Guinea pig red cells exposed to triton WR-1339 either in vitro or in vivo demonstrate an increased sensitivity to hemolysis by thermal shock. Although the sensitivity of guinea pig leucocytes to thermal shock remains unchanged after a single injection of triton, their resistance to disruption by acetone and by sonic vibration is increased significantly. Resistance to sonic vibration appears to be maximum within a few hours after injection and then it gradually wanes. Paraffin oil-induced peritoneal exudate cells (monocytes) and leucocytes from whole blood are rendered more resistant to disruption by sonic vibration when exposed to triton in vitro.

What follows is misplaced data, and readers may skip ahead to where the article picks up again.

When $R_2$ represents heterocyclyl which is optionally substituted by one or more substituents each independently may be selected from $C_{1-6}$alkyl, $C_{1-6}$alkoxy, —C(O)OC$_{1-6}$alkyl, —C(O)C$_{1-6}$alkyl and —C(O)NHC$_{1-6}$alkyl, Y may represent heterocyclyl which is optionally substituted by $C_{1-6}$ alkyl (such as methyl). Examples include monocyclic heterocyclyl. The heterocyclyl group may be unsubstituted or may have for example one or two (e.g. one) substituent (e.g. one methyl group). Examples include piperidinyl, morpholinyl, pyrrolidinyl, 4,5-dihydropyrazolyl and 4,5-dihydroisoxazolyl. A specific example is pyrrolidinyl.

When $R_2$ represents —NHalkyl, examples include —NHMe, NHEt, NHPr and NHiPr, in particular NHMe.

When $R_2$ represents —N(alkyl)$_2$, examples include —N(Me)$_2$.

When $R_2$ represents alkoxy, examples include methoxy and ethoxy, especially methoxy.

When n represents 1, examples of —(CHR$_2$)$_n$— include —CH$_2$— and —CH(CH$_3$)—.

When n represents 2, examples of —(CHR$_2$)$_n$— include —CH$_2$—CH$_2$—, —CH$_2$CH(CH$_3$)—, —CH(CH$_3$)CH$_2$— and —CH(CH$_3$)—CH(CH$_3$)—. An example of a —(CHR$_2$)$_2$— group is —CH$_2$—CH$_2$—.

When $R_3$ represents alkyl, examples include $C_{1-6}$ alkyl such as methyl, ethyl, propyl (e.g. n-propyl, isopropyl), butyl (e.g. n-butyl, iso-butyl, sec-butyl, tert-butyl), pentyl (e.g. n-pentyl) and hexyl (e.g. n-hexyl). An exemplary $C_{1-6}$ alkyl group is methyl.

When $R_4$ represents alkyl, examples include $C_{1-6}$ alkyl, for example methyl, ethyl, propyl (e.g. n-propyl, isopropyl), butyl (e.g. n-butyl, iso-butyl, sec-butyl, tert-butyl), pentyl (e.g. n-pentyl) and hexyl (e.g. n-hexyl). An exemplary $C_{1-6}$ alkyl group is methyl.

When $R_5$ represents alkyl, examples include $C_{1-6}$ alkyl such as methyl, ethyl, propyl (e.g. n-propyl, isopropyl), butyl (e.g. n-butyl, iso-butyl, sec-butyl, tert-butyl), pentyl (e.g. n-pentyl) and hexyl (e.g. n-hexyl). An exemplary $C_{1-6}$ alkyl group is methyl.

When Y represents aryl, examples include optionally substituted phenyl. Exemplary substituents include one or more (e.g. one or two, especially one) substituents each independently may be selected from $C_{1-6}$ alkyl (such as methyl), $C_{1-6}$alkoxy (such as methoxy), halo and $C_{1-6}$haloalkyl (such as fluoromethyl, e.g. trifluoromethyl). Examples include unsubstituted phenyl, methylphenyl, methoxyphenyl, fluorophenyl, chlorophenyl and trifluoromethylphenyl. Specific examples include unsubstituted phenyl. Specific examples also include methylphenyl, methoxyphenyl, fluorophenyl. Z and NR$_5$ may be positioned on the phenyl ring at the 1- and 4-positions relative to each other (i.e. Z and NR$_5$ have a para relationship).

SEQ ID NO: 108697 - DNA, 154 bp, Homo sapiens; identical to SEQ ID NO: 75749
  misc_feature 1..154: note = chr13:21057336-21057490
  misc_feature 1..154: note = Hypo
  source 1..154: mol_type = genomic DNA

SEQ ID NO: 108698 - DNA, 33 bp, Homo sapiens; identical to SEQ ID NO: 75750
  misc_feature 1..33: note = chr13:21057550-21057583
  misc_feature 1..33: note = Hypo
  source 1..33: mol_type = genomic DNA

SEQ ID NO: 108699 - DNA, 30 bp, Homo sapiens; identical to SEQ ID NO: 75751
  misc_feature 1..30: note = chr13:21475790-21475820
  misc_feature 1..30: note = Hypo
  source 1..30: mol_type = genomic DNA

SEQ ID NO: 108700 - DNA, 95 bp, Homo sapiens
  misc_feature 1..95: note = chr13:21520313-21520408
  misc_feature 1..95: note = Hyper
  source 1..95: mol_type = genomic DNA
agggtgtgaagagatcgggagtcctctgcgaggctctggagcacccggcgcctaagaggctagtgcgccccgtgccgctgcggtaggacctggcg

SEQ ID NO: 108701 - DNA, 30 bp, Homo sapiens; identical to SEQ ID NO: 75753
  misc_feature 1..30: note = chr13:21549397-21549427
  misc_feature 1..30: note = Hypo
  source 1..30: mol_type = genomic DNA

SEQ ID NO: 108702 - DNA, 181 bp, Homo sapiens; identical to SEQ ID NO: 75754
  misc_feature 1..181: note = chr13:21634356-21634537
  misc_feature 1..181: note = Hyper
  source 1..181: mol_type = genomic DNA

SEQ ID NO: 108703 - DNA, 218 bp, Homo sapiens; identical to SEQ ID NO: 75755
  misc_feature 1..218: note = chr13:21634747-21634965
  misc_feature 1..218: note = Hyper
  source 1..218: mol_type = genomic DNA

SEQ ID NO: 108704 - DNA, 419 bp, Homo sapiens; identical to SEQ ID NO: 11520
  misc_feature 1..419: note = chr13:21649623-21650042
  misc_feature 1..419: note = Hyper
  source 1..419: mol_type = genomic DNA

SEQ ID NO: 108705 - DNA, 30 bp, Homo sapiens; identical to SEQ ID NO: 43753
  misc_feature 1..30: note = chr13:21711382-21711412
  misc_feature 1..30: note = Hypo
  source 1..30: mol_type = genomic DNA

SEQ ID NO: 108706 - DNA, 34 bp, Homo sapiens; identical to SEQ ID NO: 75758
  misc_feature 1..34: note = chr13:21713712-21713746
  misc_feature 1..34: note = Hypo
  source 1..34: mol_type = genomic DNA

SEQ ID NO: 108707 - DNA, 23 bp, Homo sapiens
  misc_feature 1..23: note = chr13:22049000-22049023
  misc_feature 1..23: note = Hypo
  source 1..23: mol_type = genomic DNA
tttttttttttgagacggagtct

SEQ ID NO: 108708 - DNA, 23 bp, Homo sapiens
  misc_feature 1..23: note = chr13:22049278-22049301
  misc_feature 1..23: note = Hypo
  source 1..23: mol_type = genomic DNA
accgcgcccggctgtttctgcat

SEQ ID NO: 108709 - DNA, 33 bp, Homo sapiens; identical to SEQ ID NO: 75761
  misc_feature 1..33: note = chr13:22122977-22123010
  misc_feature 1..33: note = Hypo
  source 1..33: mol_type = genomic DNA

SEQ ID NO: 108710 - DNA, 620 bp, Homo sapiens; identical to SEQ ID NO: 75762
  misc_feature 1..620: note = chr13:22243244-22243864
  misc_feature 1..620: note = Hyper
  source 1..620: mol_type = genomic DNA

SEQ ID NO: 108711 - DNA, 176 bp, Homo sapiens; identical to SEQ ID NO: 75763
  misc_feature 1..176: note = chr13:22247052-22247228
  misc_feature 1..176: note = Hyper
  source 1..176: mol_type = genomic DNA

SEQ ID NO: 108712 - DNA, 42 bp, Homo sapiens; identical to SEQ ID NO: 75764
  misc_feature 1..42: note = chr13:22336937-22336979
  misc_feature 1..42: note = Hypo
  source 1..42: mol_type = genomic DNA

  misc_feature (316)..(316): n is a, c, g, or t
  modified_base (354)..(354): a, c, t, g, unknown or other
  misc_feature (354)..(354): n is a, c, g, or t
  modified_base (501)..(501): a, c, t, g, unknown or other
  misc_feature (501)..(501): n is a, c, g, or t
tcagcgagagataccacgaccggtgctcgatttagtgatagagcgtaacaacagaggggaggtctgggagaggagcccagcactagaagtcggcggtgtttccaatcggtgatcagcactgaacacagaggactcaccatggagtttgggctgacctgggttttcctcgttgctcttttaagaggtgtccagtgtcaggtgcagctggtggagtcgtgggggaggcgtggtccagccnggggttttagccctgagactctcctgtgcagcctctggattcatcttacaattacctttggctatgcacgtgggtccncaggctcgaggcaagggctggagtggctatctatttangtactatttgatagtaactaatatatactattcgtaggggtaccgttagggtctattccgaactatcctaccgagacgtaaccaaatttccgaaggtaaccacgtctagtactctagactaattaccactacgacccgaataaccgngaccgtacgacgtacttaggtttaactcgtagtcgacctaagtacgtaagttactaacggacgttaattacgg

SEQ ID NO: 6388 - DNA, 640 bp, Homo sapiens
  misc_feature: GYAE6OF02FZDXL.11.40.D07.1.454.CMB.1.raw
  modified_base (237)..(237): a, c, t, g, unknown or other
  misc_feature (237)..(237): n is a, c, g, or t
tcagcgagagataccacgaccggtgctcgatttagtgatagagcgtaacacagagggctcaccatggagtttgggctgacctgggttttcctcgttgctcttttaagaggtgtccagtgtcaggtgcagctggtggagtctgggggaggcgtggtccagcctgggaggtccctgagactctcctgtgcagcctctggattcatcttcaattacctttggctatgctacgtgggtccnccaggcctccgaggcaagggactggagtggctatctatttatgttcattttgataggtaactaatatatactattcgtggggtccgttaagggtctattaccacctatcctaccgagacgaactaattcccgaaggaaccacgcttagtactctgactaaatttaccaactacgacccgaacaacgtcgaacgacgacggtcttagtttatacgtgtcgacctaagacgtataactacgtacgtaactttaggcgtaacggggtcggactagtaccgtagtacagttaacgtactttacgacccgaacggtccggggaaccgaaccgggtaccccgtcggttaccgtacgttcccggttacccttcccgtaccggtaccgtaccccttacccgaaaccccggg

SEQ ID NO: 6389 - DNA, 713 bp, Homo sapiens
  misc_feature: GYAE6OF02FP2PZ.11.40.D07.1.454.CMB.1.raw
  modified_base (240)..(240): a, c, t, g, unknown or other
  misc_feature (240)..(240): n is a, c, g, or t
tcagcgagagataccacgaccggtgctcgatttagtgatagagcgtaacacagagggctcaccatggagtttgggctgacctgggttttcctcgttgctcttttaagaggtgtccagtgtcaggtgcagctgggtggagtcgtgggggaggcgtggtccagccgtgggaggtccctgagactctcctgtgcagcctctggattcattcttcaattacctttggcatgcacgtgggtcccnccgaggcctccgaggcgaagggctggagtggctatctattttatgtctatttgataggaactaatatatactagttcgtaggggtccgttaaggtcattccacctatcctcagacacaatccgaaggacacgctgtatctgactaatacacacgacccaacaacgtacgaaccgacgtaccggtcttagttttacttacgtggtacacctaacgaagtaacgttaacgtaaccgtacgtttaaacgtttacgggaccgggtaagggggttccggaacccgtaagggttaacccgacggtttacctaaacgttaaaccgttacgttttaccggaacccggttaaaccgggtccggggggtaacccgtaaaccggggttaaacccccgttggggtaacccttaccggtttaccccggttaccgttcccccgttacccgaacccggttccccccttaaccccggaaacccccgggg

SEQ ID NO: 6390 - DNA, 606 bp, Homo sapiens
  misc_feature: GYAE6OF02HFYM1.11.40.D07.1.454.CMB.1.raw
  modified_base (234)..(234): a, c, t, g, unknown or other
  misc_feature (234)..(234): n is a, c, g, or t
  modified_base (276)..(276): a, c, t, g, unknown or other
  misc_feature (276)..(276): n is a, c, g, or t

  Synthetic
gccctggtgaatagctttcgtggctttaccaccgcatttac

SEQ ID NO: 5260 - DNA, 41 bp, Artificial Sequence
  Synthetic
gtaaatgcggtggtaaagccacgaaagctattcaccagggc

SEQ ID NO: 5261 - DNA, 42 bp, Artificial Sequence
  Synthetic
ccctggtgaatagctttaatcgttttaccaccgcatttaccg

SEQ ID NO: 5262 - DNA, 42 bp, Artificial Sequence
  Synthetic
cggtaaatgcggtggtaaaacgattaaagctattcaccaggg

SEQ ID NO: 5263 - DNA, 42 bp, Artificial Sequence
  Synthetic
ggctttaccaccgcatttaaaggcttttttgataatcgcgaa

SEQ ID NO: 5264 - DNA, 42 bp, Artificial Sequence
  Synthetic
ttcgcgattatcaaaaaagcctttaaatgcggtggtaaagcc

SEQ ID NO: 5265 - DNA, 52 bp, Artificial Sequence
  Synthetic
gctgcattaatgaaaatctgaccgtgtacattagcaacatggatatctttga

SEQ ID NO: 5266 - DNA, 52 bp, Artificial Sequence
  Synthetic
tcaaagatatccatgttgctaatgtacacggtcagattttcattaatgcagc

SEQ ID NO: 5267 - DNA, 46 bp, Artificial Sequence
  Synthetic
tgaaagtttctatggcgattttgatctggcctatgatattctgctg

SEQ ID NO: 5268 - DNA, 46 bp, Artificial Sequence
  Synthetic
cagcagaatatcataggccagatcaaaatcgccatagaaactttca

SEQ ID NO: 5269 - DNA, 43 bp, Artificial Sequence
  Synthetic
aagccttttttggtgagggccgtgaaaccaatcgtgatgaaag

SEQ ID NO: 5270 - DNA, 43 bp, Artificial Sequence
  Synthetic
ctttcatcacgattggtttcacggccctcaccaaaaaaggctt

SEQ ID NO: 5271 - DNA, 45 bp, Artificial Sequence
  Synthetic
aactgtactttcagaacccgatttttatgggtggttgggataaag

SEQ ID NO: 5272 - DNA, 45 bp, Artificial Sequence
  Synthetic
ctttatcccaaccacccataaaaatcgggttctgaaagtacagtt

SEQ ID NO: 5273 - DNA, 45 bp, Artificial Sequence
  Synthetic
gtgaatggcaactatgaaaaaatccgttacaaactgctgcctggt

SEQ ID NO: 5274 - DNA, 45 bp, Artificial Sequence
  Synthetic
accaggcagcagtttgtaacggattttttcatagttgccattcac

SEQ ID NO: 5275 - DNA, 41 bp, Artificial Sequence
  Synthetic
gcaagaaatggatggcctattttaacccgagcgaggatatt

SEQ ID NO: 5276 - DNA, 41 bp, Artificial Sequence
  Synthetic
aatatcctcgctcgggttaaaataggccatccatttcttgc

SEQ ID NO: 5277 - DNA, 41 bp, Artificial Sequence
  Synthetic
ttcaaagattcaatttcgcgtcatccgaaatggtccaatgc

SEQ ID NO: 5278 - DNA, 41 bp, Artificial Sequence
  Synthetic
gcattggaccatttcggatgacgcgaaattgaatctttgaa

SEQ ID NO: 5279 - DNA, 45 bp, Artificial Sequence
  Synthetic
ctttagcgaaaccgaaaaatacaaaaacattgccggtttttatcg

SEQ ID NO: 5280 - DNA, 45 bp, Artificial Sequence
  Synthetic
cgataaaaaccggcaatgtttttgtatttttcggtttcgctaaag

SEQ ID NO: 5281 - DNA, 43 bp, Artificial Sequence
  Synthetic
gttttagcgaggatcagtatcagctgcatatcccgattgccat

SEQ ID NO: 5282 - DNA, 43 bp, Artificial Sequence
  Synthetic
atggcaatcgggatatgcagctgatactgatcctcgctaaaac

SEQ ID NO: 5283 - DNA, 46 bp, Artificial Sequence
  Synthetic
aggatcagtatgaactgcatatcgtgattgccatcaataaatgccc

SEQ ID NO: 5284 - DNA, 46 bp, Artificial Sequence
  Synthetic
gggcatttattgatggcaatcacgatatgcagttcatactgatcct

These findings are discussed briefly in relation to the therapeutic effect of triton in experimental tuberculosis.